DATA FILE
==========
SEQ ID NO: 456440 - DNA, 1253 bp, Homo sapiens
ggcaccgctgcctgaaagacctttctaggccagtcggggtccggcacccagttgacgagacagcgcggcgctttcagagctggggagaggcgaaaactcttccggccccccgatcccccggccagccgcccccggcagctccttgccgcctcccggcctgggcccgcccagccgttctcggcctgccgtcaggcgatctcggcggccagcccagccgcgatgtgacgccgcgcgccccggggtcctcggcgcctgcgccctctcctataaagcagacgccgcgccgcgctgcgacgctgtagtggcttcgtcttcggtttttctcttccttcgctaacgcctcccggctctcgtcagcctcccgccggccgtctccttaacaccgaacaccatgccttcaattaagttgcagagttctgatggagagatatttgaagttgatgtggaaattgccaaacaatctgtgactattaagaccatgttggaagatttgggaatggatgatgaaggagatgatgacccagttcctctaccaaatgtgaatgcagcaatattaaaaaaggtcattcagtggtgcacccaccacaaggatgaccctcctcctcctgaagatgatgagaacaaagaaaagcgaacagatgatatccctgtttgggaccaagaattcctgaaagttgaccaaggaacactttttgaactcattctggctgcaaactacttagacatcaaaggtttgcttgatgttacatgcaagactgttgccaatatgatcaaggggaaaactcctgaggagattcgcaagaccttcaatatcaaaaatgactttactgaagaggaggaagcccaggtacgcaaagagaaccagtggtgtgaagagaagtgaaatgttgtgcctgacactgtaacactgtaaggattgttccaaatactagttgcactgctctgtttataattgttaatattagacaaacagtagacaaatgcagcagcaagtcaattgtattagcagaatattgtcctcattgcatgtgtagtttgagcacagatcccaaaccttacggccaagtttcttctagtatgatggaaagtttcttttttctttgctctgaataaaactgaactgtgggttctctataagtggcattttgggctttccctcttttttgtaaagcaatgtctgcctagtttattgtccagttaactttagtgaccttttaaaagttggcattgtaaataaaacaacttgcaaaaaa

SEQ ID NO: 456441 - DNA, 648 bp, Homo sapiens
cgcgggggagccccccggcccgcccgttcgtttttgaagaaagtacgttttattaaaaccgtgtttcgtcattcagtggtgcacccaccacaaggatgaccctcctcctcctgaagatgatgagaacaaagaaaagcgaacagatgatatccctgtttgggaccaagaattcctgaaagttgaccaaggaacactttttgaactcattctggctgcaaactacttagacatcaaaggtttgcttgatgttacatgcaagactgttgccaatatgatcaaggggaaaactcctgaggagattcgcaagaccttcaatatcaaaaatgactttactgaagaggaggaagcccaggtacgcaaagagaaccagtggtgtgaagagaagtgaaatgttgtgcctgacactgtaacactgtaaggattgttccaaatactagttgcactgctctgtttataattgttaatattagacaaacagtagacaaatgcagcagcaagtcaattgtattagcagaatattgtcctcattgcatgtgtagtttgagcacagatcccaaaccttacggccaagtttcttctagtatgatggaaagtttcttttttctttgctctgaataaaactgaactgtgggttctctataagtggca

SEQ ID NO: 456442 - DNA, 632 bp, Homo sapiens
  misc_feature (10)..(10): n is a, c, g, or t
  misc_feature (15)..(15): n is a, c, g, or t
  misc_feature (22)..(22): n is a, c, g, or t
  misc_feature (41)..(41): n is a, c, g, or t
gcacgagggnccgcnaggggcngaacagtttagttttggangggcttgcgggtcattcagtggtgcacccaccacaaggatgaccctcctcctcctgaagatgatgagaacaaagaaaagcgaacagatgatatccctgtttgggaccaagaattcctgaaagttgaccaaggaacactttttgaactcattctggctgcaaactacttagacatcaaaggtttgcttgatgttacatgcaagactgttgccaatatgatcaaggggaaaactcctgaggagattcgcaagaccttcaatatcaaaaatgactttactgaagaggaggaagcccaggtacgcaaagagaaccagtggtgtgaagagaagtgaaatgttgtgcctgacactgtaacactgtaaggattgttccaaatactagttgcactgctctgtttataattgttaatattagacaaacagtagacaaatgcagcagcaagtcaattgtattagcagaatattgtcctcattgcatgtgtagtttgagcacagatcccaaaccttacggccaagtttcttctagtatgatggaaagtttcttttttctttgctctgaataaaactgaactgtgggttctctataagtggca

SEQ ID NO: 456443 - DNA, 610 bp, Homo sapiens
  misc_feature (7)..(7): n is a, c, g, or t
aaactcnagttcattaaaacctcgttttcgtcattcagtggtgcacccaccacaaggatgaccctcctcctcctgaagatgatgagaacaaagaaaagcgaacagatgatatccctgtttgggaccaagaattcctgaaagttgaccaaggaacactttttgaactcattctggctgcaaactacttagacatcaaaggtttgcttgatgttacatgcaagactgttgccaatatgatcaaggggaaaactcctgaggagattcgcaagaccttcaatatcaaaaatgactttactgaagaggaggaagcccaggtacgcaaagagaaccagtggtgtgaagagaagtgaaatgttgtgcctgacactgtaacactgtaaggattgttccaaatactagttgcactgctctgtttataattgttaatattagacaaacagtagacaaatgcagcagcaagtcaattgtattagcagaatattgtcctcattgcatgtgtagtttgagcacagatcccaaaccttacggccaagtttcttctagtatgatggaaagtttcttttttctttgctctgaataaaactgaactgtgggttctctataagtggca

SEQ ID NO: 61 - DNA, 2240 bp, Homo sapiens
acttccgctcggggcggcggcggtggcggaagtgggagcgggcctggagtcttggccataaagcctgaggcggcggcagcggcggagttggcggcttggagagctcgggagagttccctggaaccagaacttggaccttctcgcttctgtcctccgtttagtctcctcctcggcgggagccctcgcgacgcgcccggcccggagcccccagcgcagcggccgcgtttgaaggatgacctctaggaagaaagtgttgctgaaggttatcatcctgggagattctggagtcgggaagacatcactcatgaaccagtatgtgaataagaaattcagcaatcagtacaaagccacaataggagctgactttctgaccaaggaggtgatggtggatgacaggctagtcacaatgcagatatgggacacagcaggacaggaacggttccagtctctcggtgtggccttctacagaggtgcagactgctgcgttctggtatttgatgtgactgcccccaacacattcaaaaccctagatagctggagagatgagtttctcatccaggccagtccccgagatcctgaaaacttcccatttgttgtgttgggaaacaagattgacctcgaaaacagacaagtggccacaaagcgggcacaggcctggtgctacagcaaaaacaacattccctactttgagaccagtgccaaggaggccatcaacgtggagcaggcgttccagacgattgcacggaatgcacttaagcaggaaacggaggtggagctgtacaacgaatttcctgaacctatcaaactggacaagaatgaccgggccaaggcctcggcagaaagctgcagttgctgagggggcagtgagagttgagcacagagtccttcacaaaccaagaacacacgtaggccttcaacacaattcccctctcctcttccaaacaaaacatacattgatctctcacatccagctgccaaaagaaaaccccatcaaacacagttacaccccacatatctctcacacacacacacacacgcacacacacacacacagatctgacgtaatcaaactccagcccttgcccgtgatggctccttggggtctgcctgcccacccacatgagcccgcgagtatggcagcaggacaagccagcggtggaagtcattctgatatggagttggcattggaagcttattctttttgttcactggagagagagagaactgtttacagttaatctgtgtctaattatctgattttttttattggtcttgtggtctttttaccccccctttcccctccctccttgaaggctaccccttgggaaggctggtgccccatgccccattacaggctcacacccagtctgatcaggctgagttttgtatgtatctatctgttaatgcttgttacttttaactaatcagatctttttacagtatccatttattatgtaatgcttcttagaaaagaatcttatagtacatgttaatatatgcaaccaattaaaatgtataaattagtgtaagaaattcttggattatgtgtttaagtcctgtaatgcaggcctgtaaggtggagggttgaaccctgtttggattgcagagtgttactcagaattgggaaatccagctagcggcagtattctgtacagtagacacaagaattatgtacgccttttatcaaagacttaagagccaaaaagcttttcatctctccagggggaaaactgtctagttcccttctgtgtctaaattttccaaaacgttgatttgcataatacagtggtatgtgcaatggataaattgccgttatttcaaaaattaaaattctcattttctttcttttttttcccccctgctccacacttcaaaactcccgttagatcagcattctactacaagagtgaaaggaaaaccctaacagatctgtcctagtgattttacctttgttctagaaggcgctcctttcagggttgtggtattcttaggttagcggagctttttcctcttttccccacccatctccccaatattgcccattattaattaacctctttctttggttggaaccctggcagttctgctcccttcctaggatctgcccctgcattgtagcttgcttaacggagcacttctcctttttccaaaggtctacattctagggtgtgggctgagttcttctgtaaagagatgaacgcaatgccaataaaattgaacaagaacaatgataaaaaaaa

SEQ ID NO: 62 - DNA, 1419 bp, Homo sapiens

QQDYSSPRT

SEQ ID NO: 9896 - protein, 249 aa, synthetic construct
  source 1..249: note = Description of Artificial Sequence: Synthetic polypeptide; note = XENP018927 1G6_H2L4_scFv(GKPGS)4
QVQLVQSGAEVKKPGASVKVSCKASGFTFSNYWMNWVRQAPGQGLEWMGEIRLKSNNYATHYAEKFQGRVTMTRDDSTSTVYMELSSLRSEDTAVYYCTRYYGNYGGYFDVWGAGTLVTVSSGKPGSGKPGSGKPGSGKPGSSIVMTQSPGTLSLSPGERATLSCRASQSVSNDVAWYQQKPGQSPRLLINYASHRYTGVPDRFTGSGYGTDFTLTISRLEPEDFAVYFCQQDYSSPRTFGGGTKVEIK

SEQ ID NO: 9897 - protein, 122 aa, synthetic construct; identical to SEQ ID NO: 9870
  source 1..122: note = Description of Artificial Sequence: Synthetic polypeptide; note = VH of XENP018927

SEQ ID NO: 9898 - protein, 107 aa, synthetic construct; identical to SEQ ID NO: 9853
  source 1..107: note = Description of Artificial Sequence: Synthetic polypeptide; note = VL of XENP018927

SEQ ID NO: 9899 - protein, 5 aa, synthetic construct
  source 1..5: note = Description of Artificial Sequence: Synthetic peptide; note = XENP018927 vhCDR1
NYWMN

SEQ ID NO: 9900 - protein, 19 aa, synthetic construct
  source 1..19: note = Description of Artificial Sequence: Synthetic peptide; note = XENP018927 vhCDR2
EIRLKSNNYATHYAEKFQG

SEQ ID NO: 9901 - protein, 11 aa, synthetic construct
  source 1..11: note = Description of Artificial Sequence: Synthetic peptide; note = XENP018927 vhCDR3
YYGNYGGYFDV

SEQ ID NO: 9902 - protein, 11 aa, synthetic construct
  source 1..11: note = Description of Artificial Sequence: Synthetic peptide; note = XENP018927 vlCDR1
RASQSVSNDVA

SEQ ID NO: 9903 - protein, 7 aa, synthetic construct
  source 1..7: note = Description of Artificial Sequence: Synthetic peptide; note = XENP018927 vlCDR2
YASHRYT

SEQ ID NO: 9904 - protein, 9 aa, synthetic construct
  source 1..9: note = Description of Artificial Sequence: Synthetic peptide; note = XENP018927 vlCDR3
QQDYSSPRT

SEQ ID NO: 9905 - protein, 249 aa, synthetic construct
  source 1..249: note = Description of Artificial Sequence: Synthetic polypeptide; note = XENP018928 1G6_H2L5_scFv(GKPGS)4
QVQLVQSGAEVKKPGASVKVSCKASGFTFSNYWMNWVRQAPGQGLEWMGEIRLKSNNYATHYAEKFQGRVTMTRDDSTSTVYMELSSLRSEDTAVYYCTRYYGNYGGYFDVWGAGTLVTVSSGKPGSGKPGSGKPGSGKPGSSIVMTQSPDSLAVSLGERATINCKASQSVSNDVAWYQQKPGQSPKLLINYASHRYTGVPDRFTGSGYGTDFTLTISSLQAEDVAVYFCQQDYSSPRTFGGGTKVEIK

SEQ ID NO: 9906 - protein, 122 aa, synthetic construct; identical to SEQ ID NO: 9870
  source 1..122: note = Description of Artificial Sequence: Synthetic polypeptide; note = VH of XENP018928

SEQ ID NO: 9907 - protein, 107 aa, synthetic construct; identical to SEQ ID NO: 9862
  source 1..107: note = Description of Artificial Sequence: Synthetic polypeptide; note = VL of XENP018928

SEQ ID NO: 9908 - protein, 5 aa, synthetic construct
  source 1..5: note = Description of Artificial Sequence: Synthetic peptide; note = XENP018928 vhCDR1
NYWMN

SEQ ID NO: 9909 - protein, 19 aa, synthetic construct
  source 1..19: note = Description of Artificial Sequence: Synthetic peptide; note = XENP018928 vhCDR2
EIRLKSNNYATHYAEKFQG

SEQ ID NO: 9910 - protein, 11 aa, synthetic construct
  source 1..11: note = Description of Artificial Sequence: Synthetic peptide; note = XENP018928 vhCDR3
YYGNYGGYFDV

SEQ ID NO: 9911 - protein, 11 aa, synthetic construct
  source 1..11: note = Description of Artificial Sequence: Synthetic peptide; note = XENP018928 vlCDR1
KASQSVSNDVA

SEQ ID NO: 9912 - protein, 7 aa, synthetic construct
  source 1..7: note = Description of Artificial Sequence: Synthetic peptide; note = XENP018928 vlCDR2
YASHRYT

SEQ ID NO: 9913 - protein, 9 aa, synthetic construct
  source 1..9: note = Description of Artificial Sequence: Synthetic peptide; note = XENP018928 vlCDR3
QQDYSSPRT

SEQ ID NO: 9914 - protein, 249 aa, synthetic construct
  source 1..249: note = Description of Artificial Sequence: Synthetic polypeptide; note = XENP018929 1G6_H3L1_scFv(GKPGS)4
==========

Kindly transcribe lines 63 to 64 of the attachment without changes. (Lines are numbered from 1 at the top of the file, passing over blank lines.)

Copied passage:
  source 1..7: note = Description of Artificial Sequence: Synthetic peptide; note = XENP018928 vlCDR2
YASHRYT